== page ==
I am sure we are all aware of the waste hierarchy. It gives top priority to preventing waste in the first place. When waste is created, it gives priority to preparing it for reuse, then for recycling, then recovery, and last of all disposal—landfill and waste incineration. I believe all Government policy should be based on this hierarchy.
There is a strong case to argue that if sufficient weight is given to utilising waste incineration as an option for dealing with waste, then a fiscal disincentive, an incineration tax, should be considered as an option, as we have with the landfill tax—I would also favour increasing landfill tax—because otherwise that can become a barrier to developing a greener circular economy, by preventing resources from being reused and depressing recycling rates, and, as a method, incineration gives rise to air pollution concerns.
I want to touch on air pollution. It is quite clear that the process of incineration from waste creates a number of emissions, and there is much concern regarding waste incineration and air quality and human health. This concern relates predominantly to particulate matter, which is predominantly composed of materials such as sulphate, nitrates, ammonia, sodium chloride and black carbon. The Minister will be aware that, back in 2018 and 2019, Public Health England funded a study to examine emissions of particulate matter from incinerators and their impact on human health. The study found that emissions from particulate matter from waste incinerators are low, and make only a small contribution to ambient background levels. However, while levels may be low, this study acknowledged that there is a contribution nevertheless. There will be many factors that influence the impact on air quality and human health that the incinerator can have, such as the stack height of an incinerator, whether the incinerator is located in the bottom of a valley, the resultant impact of temperature or cloud inversions, and its proximity to homes, schools and playing fields.
Rather frustratingly, and despite huge amounts of local opposition—including from an excellent and well-run campaign group in my constituency, the Aire Valley Against Incineration, along with many residents, myself, and my hon. Friend the Member for Shipley (Philip Davies), from my neighbouring constituency—the green light has just been issued for the Aire Valley incinerator to operate. This incinerator is to be built on the periphery of Keighley, in the bottom of a valley in close proximity to schools, playing fields and homes. The scheme was awarded planning consent and given the green light by our local authority, Bradford Council, back in 2016, and earlier this year was awarded an environmental permit by the Environment Agency. All this despite strong local opposition.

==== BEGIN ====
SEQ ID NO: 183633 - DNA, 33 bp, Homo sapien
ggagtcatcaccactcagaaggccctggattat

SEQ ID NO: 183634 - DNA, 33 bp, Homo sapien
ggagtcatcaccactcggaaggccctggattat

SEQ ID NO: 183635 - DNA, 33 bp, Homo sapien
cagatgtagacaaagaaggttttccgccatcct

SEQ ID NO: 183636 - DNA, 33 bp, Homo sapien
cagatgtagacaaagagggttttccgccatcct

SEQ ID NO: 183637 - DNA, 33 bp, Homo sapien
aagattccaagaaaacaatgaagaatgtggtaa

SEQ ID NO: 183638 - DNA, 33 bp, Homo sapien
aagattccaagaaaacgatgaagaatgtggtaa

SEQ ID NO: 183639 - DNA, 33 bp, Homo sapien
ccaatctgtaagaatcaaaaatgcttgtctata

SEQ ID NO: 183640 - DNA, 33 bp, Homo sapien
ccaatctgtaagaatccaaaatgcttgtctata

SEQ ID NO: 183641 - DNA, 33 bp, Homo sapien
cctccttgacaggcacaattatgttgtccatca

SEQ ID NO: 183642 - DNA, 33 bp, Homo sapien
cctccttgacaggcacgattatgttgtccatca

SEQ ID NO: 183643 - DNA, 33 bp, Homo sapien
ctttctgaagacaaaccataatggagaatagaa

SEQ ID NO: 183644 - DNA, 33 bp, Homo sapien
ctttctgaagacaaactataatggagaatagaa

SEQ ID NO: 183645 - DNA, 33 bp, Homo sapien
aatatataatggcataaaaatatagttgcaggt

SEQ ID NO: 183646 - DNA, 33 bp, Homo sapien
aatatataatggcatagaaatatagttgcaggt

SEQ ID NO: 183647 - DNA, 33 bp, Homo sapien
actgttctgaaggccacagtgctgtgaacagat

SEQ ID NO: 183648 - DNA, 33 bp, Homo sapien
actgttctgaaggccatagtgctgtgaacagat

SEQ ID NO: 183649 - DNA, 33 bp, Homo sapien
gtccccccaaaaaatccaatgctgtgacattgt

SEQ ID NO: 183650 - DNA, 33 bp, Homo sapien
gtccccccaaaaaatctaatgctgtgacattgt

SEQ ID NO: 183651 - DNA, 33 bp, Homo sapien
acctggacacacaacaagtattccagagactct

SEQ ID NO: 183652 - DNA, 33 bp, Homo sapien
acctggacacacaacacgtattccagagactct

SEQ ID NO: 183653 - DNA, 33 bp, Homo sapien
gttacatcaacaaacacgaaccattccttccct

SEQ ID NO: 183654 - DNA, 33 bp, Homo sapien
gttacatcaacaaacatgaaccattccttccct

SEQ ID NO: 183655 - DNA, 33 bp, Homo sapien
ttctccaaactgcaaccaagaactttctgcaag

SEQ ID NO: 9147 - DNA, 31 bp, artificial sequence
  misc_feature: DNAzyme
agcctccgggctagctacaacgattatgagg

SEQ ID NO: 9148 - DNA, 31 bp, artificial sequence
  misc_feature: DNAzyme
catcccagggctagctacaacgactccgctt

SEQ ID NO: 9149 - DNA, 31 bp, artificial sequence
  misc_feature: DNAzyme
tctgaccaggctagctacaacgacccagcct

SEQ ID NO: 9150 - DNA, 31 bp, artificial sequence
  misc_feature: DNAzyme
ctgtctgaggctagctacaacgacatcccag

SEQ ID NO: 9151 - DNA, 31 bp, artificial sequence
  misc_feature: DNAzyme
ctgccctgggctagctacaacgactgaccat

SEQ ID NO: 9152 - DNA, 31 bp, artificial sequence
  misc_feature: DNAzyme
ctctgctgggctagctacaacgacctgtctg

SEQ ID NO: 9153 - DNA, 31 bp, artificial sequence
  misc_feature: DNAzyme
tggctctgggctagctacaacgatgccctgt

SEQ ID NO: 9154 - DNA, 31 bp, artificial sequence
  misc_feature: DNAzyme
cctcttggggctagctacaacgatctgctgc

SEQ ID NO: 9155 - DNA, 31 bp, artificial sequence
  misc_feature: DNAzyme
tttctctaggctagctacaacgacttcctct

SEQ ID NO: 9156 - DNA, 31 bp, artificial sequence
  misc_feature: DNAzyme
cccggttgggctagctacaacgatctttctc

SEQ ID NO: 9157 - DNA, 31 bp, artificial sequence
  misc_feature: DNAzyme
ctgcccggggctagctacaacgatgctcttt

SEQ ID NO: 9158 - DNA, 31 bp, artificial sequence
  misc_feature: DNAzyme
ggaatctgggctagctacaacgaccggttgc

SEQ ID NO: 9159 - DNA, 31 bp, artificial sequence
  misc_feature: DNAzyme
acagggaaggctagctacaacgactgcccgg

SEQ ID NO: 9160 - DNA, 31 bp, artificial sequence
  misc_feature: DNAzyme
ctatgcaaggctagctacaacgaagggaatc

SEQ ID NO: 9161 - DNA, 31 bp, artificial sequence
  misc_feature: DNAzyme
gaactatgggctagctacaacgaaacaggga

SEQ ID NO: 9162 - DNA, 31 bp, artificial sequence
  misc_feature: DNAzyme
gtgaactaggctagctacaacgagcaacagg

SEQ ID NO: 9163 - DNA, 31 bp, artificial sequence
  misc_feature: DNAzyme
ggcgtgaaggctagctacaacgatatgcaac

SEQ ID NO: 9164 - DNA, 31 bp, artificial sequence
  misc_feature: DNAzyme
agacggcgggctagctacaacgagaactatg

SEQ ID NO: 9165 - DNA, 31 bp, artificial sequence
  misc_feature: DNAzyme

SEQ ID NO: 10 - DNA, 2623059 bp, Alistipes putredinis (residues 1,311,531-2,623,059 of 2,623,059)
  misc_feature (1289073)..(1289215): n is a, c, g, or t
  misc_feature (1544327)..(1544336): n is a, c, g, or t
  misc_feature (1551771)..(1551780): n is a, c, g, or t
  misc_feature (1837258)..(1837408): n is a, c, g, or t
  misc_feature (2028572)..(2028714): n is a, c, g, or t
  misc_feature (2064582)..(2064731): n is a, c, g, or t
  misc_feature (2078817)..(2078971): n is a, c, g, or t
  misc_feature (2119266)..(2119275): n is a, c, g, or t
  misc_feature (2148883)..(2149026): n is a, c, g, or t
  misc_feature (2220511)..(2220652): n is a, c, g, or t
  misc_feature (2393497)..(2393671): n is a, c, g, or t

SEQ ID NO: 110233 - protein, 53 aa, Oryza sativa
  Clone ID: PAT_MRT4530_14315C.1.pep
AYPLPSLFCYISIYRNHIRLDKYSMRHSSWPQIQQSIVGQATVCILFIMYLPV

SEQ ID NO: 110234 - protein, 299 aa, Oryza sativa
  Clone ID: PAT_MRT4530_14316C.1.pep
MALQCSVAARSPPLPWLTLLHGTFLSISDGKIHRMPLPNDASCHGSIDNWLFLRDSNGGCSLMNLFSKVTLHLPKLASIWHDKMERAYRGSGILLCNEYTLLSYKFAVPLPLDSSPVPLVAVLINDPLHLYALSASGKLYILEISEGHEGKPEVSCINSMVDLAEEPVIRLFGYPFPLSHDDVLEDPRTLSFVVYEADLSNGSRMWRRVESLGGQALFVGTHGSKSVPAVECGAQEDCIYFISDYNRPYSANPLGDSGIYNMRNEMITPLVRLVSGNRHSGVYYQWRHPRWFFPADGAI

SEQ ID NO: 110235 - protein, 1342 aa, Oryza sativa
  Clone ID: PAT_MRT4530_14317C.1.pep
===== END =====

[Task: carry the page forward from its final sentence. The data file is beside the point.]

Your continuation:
Residents are quite rightly concerned about air quality—not just from the incinerator itself, but from the increased traffic flows bringing waste to the site. In questioning the decision making for the environmental permit that has just been issued by the Environment Agency, unbelievably, I was told that the Environment Agency could consider only emissions from the incinerator itself, not the emissions from increased traffic flows, because that was a planning matter, which Bradford Council, in already giving the green light, had considered acceptable in the first place. This raises a much bigger issue: the process of how permits are awarded for incinerators. My concern is that a cohesive, full-picture review is not taken into account when looking at the impact on air quality from the whole incineration process itself, which includes the emissions from traffic flow.
For me, this debate is vital. As a Member who sat on the Environment Bill Committee, I am pretty excited about what the Government are doing going forward. However, I reaffirm my commitment that all Government policy should go back to that first waste hierarchy and look at adopting a review of whether an incineration tax is the right route to go down, as I believe it should be.
The message from Keighley is that we do not want this incinerator. It is unfortunate that it looks as if the green light has been given, but local voices should be heard much more loudly and clearly in any decision-making process for anything that is likely to have an impact on air quality or human health.